In Notes from Left of the Dial this week, I take a look at some songs and videos from Gold Cult, Onward Chariots, Casey Jack, Animal Years, No Lands and Amoureux. We swing from synth-based indie pop and howling rock rhythms to avant-pop attitude and experimental soundscapes. If you’re looking for music that fits into easily digestible categories, you’re out of luck. But if you’re looking for music that’ll challenge and reward you in equal measure, I’ve got just the tracks for you. What have you been listening to this week?

Gold Cult, “Lafayette”
Chicago experimental duo Gold Cult (AKA Blaine Welsh and Mikey Moran) is looking to release their debut LP sometime toward the end of this year, but they’ve recently shared a few songs that will find their way onto the upcoming album. One of these songs, the jazz and indie rock amalgamation “Lafayette,” finds a perfect balance between the need for innovation and the need to pay homage to their influences. Wrapping various sound effects around a thudding bass lead, “Lafayette” finds the duo working slightly outside their comfort zone, with Welsh and Moran stitching together a host of rhythms to form an oddly compelling mélange of abrupt sound. And though the track is instrumental in nature, there is a rather deliberate musical narrative to be found if you only listen hard enough.

Onward Chariots, “It Doesn’t Even Matter”
Brooklyn-based chamber pop outfit Onward Chariots is nothing if not true to their name. The band, formerly featuring a full lineup and now only sporting Ben Morss and Rus Wimbish, has paired with producer Jesse Gander (known for his work with Japandroids and White Lung) to create the “Take Me to Somewhere” EP-a collection of barely contained pop theatrics and unswerving momentum. On recent single “It Doesn’t Even Matter,” the duo creates a shimmering slice of indie pop confection that’ll have you nodding along before it hits the first chorus. The song twinkles and radiates a determined pop life that keeps it sprinting along, urging us to keep up if we can. Slinging guitar riffs, frenetic percussion and Morss’ indelible vocals against each other, “It Doesn’t Even Matter” may just be the summertime staple you didn’t know you needed.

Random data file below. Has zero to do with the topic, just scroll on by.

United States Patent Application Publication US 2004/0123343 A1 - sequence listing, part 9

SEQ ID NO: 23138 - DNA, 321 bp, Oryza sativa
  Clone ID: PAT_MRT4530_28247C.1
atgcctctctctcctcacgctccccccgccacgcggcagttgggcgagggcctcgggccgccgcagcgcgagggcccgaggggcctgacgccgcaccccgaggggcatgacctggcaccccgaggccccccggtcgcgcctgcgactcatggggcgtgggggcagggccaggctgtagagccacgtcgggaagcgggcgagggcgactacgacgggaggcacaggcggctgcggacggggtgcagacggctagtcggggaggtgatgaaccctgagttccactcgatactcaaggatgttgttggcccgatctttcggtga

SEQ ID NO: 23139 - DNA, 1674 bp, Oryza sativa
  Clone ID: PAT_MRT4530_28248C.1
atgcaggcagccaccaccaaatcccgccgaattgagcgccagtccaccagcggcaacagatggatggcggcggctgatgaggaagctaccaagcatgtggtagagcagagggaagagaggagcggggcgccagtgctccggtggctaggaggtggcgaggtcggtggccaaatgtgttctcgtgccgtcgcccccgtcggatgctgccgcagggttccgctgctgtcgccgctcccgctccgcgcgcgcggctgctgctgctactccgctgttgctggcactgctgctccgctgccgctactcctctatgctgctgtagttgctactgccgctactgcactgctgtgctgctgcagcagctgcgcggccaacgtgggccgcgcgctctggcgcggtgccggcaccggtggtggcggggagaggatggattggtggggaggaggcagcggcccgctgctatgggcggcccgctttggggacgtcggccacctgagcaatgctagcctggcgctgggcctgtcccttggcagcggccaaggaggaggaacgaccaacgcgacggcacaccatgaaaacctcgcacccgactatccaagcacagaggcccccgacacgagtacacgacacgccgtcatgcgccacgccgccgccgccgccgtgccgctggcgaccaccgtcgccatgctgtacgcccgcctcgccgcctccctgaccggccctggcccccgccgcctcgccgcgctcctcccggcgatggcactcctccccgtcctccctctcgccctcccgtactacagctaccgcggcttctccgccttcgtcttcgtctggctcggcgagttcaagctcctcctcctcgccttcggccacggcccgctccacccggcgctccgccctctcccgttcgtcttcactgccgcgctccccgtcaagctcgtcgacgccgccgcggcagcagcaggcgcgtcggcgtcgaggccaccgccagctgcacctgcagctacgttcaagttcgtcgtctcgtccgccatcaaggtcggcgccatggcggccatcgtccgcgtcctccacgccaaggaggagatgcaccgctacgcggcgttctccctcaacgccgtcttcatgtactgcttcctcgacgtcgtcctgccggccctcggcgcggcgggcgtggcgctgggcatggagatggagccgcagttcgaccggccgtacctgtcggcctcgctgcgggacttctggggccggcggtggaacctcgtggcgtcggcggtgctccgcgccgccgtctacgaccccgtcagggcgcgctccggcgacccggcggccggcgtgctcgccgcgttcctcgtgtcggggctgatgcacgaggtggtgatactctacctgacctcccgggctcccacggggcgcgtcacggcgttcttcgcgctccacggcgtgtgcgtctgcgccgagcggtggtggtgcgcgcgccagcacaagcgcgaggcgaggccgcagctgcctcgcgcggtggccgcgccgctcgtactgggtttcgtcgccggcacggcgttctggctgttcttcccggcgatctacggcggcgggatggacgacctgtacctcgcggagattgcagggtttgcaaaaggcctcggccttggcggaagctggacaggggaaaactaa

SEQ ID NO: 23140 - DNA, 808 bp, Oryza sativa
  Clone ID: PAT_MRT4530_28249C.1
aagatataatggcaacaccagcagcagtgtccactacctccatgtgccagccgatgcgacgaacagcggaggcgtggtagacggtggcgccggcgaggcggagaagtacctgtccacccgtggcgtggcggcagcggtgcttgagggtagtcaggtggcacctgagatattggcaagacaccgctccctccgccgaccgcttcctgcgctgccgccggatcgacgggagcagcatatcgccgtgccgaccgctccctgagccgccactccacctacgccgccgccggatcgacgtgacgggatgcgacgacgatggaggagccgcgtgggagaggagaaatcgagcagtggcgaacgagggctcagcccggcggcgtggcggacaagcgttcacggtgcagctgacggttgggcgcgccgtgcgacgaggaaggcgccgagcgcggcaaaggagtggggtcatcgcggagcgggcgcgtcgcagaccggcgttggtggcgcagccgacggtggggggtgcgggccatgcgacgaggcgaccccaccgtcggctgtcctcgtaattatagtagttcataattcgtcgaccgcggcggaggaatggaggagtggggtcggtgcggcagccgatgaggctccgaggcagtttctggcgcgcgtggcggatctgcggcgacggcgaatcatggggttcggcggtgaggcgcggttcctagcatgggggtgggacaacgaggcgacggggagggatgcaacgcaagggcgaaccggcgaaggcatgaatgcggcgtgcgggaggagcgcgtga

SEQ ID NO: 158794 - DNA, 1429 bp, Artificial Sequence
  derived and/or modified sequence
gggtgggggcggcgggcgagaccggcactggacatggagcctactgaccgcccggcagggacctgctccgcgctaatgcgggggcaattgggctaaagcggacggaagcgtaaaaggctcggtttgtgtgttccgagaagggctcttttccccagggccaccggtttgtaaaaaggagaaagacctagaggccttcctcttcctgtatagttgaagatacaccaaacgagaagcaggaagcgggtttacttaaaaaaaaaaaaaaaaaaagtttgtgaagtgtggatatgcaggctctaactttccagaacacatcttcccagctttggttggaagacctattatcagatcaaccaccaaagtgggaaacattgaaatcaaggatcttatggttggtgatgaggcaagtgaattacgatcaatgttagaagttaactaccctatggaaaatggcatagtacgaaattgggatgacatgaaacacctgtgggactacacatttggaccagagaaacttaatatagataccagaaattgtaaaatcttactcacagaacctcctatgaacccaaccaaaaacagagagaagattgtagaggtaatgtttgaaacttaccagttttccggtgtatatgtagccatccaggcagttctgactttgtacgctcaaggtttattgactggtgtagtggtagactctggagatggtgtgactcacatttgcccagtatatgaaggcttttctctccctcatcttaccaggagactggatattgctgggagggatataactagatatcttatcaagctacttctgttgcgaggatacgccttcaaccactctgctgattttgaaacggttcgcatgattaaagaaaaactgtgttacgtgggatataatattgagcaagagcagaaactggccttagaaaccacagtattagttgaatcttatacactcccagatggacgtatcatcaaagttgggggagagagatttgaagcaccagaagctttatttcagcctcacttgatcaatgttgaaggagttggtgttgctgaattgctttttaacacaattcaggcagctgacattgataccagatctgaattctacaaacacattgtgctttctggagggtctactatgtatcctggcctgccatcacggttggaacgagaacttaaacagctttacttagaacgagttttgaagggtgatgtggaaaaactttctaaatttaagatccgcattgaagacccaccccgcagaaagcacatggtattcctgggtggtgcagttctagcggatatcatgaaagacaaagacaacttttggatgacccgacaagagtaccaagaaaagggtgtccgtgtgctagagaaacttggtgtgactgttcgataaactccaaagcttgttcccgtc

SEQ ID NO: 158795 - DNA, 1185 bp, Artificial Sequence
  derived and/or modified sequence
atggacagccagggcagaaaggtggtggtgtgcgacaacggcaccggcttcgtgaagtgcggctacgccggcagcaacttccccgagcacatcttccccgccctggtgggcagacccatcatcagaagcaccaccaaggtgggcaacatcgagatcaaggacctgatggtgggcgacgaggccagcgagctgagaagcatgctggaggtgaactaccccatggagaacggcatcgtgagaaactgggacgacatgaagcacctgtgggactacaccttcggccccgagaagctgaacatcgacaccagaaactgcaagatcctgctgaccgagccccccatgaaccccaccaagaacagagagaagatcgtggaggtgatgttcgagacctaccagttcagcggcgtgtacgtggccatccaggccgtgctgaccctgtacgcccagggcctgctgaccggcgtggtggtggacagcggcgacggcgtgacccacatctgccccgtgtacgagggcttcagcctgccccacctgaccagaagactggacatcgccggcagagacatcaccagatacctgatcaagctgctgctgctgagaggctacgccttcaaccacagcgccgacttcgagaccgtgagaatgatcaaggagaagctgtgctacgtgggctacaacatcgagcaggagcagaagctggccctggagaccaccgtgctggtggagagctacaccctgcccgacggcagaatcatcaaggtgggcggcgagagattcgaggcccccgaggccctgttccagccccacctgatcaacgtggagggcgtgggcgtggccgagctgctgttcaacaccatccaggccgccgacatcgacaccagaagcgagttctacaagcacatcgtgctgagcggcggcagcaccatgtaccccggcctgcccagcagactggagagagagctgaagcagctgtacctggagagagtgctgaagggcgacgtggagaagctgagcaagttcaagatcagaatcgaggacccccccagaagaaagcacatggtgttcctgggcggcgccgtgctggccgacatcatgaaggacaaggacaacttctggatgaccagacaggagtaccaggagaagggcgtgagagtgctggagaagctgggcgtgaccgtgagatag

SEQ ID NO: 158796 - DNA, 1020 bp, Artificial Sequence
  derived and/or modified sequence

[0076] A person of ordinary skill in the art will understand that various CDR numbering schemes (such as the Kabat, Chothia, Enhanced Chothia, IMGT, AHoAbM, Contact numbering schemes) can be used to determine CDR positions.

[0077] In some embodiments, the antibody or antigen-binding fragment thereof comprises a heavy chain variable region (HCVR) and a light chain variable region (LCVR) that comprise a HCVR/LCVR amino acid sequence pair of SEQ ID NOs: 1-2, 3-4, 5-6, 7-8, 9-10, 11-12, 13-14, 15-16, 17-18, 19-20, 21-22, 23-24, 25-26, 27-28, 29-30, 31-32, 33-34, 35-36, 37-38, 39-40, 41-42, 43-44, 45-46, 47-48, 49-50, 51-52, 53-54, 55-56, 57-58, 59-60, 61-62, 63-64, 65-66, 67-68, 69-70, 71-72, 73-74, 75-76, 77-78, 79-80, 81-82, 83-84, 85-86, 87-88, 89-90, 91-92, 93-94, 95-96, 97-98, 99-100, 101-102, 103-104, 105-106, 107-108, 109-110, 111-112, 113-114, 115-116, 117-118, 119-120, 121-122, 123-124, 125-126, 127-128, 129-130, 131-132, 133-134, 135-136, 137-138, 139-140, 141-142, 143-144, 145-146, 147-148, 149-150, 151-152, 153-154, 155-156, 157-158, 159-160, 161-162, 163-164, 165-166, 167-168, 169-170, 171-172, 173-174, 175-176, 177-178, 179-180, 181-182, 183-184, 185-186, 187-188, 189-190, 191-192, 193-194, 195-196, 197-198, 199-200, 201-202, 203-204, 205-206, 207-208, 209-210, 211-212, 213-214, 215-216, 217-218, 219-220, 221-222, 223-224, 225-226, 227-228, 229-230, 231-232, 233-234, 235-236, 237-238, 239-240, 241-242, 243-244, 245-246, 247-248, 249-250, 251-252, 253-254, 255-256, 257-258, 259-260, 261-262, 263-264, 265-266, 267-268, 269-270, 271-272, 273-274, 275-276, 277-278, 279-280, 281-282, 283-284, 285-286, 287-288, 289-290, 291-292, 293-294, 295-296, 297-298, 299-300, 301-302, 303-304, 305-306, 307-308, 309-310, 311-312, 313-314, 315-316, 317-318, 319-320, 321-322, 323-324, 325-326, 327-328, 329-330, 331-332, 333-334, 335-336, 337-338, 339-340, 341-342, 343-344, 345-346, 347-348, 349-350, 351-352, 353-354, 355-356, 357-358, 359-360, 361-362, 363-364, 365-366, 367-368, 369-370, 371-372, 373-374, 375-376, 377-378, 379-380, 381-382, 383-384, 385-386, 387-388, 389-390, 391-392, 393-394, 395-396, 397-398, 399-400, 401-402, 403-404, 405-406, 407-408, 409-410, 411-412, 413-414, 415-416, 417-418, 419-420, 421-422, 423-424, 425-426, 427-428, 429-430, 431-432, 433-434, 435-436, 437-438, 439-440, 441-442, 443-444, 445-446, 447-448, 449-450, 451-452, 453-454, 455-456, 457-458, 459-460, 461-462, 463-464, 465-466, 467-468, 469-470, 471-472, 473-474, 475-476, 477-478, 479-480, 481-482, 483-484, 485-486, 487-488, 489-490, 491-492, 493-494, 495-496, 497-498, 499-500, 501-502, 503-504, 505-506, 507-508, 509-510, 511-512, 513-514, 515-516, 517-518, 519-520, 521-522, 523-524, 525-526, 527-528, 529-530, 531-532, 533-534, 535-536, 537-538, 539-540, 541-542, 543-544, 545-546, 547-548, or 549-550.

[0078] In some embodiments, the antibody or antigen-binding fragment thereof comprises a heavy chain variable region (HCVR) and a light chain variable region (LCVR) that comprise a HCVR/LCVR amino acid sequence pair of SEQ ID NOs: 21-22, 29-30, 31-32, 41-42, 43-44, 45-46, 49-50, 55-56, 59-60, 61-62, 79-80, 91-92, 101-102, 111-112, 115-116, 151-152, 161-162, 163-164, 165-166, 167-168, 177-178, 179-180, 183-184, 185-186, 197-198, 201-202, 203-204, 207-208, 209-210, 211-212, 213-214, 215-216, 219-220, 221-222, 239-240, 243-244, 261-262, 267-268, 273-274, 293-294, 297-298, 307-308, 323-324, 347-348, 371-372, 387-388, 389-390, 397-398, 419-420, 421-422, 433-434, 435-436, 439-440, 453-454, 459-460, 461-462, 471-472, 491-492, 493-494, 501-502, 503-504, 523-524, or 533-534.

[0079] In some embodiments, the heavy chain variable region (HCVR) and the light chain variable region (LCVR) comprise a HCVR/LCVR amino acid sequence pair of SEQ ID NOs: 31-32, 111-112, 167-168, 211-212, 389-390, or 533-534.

Casey Jack, “Not in Love with the Modern World”
If you’ve got two minutes to spare today, I suggest you spend it listening to “Not in Love with the Modern World” by garage-pop artist Casey Jack. Drawing upon aspects of Phil Spector’s glorious pop production and the fervent execution of early punk, he creates unstable musical worlds in which his songs live and breathe-though these often-minuscule soundscapes are apt to burst apart at any second. On “Not in Love with the Modern World,” Jack storms juke joints and dive bars to try to find some sort of peace of mind, but his search ultimately poses more questions than it answers. Balancing heavy guitar licks with ferocious melodies, he splices indie rock with country music to form a surprisingly cohesive strain of musical DNA-these sounds mix and intertwine in ways that we don’t expect, and Jack uses a wide range of influences to fill in the details of his own musical narrative.